[unlegible]alsam Impatience do not approach me
Broom corn Industry
Broome Humility
Buttercup Riches
Brumble Envy
Burdock Touch me not
Cedar You are not entitled to my love
Cattehfly I am a willing prisoner
China aster duble Your sentiments meet with return
China aster single You have no cause for encouragement
Pink duble red Love
Pink white Fair and fascinating
Plum tree Keep your promises
Rose bud white Too young to love
Rose bud red Pure and lovely
Rosemary Keep this for my sake I will remember
Iris Message
Ivy Friendship
Holly Domestic Happiness
Holly hock Ambition
Indian pink Always lovly
Jasmine You beare a gentle mind
Ipomala I attach myself to you
Peach blossom Here I [unlegible] my choice

Love in the Archives

You see, it started like this:

Ethel Leona Evans and Pvt. Thomas Newton Bryson, both of Macon County, N.C., ca. 1917

A candidate for most romantic item in our collections? Ethel Leona Evans and Pvt. Thomas Newton Bryson, ca. 1917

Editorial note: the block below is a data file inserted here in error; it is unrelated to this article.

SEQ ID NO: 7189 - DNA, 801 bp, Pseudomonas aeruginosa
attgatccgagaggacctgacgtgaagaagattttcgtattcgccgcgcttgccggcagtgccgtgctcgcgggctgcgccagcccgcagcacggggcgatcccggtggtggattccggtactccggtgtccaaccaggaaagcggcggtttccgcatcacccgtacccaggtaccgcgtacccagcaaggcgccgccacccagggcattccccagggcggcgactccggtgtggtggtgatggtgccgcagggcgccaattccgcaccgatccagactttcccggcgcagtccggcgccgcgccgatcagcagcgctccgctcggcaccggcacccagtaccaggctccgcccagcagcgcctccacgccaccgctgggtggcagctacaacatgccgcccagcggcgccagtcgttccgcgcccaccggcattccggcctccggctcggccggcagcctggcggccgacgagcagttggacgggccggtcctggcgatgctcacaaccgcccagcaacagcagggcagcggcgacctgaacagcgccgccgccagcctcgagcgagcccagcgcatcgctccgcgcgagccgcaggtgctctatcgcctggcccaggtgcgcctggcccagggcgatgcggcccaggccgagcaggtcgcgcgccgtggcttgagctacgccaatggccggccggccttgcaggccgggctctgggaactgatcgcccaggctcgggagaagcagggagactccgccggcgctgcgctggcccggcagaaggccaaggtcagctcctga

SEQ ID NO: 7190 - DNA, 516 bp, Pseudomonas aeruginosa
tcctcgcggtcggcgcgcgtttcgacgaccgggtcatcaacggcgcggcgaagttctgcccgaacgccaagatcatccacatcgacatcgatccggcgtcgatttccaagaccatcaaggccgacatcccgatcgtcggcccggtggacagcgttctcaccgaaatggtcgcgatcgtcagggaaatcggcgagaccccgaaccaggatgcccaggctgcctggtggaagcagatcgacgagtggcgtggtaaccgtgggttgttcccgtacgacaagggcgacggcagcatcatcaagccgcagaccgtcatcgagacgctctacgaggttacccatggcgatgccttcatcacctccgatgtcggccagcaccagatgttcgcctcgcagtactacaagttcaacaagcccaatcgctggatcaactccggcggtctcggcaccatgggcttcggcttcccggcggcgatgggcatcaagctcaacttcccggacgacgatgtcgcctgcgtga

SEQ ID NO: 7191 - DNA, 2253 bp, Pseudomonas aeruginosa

Last year I participated in an online effort called “Ask Archivists Day,” in which archivists all over the world answered questions about their work and their collections via Twitter and other social media. It was a lot of fun, the questions from the public were varied and interesting, and the event became a wonderful community building exercise among members of the archival profession who normally would not have the opportunity to interact with each other. In short, the whole thing was a success and will hopefully be repeated this year.

In January, the same group behind Ask Archivists Day announced an effort to spotlight love related materials in archival collections on Valentine’s Day. Archives from all over the world signed up to share their examples of “Love in the Archives” online using the Twitter hashtag #loveheritage. I volunteered on behalf of the State Archives because, although not everyone is a fan of Valentine’s Day, who doesn’t love Love?

And we have plenty of materials in our collections that we could focus on. We have Civil War letters between husbands and wives separated by the conflict. In our Bible Record materials we have a few examples of very elaborate marriage announcements, like the one from the Turner-Fearrington Family Bible Records. Our Non-Textual Materials Archivist, Kim Cumber, has created a Flickr set of some of the images of couples (romantic and otherwise) from her collections.